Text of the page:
And isn’t that … so disappointingly inadequate?

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Scott Morrison’s “promise to Australia”

Scott Morrison’s 2019 election campaign speech:

“To run a stronger economy requires a government that knows how to manage money.

If you can’t manage money, you can’t run the country.

Have you ever noticed this? How those who can’t manage money always end up spending more of it, and never spend it well? What they say, those who can’t manage money, what the costs will be – if they’re game enough to tell you – that’s only just where it begins.

The real cost comes after their big spending programs fall victim to their incompetent administration. We have seen it every time under Labor.

You know, Labor’s appetite for big spending always exceeds their competency to spend it wisely or properly. You know, that’s the bill you really cannot afford.

And as we know, when Labor runs out of money, they always come running after yours soon after. So, today, I’m not getting into a spend-a-thon with Labor. They’re welcome to it. Reckless spending is not a vision, Australians. It’s a burden on current and future generations. So I say to Australians; do not allow Labor’s reckless spending to start. Vote Liberal and Nationals next Saturday.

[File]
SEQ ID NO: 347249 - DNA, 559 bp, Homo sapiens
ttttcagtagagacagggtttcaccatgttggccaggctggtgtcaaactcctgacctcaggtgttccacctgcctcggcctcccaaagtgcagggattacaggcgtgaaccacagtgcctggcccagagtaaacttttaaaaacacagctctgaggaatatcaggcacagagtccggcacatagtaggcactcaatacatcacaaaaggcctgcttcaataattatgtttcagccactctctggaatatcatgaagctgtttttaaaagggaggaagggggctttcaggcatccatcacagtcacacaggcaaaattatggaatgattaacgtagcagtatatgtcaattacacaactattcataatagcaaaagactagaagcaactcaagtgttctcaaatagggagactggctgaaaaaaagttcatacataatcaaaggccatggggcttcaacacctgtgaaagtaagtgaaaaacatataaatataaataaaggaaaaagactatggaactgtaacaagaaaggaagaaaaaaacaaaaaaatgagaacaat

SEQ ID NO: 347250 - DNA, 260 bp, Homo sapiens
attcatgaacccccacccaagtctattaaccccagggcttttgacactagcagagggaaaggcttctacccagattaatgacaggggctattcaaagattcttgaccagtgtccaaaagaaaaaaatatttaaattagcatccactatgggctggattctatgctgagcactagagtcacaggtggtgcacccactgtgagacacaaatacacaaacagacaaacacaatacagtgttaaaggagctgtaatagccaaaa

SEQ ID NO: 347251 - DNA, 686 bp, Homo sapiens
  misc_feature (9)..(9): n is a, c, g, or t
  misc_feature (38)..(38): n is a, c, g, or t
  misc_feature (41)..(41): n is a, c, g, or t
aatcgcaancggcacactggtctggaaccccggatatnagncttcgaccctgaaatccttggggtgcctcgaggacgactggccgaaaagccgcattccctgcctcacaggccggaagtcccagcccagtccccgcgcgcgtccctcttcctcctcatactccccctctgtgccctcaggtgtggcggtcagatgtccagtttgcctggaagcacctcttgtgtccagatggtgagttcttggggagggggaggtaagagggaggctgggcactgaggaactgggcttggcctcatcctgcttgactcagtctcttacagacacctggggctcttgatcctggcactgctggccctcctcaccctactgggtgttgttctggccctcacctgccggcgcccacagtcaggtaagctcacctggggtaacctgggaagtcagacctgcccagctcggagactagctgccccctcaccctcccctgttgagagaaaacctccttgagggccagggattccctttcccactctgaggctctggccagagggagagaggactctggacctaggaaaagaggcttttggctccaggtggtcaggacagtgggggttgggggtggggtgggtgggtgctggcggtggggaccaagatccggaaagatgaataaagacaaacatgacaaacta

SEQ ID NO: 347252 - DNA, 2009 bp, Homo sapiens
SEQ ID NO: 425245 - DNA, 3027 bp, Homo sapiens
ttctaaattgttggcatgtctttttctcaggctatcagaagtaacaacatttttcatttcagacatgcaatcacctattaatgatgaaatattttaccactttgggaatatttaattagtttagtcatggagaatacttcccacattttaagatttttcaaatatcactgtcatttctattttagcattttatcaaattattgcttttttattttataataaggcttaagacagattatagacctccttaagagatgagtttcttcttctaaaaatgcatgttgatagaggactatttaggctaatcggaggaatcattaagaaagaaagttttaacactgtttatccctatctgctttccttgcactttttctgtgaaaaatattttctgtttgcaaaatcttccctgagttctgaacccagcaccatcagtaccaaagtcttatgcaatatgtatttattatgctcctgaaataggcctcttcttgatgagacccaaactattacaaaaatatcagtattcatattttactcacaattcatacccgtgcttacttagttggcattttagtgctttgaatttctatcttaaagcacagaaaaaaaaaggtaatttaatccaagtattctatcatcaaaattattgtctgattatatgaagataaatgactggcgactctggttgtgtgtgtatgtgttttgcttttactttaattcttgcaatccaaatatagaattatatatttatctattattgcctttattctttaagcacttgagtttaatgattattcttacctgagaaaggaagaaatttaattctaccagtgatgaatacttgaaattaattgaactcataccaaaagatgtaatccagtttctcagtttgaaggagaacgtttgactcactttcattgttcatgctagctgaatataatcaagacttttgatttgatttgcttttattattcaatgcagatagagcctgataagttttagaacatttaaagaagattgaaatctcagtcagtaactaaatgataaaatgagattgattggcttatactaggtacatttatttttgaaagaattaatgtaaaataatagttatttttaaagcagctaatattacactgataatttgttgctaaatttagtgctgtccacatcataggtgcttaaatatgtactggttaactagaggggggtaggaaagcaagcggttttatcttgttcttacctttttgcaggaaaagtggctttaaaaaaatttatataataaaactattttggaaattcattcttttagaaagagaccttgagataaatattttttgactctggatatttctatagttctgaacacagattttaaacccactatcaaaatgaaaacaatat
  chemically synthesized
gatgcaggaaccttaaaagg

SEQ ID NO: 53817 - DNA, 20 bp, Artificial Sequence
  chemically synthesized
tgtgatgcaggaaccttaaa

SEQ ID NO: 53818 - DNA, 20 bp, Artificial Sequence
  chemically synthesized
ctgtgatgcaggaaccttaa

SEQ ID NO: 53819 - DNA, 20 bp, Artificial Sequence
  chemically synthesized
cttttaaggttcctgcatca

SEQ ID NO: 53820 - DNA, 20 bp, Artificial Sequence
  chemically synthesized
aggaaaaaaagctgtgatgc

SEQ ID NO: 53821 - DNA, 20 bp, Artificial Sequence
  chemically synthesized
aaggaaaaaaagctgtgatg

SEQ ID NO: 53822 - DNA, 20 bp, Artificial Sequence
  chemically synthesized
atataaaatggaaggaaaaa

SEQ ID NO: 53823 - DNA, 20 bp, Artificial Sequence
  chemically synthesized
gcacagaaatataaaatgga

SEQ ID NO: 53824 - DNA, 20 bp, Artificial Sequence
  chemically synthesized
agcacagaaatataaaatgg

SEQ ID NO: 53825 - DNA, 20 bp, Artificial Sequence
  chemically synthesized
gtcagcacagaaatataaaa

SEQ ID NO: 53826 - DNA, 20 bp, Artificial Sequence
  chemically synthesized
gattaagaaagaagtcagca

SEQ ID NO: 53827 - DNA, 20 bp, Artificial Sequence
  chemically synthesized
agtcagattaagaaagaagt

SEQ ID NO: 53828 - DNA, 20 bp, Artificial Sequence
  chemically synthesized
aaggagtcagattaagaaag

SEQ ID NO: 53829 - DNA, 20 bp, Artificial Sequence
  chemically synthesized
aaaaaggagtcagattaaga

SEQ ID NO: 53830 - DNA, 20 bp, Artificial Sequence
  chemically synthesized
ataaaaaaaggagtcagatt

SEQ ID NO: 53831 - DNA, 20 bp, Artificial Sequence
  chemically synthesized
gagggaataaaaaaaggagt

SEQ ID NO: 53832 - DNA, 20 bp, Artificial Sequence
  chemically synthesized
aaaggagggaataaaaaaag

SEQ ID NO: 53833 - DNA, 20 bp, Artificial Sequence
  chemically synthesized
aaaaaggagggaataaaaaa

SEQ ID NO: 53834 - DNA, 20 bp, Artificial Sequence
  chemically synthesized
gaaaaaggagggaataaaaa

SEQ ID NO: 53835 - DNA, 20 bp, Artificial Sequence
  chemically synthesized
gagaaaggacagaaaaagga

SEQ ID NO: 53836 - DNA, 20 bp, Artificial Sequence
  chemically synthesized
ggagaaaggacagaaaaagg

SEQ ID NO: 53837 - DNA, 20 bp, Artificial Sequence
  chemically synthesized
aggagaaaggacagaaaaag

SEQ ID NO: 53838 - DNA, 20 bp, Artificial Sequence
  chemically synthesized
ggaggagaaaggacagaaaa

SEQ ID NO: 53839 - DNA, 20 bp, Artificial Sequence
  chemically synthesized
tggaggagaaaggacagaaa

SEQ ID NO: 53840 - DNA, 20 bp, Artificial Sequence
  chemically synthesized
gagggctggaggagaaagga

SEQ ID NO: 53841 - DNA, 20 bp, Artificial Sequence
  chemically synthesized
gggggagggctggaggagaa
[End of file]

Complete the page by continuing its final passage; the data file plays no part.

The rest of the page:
Our Government has restored our nation’s finances. We have turned that around. We have kept our Triple A credit rating. We have handed down – well done Josh and the entire ERC team – the first Budget surplus in more than a decade, back in the black.

And by staying on this path we will eliminate the debt within a decade, without raising your taxes. We have achieved this by getting spending growth under control, getting Australians off welfare and into work – and treating every dollar provided to us by the taxpayer with respect. It’s what Liberals and Nationals do.”

Other things Liberals and Nationals do…


Cashless welfare card.

JobKeeper gifted to profitable businesses.

Sports rorts et al.

White elephant NBN.

Torture refugees by locking them up indefinitely in unsafe offshore detention.

Subsidies and grants to the fossil fuel industry.

Signing up for 12 submarines whose cost has blown out from $50 billion to $90 billion before they have even fully negotiated the details.

Use fraudulent documents to attack a political opponent and suffer no consequence.

$40 million gifted to Foxtel whilst slashing funding for the ABC.

Almost half a billion dollars to a few businessmen who called themselves the Great Barrier Reef something-or-other.

Another half a billion to a security firm headquartered in a beach shack on Kangaroo Island.

A fortune spent on consultants and government advertising.

Trash our international reputation through inaction on climate change.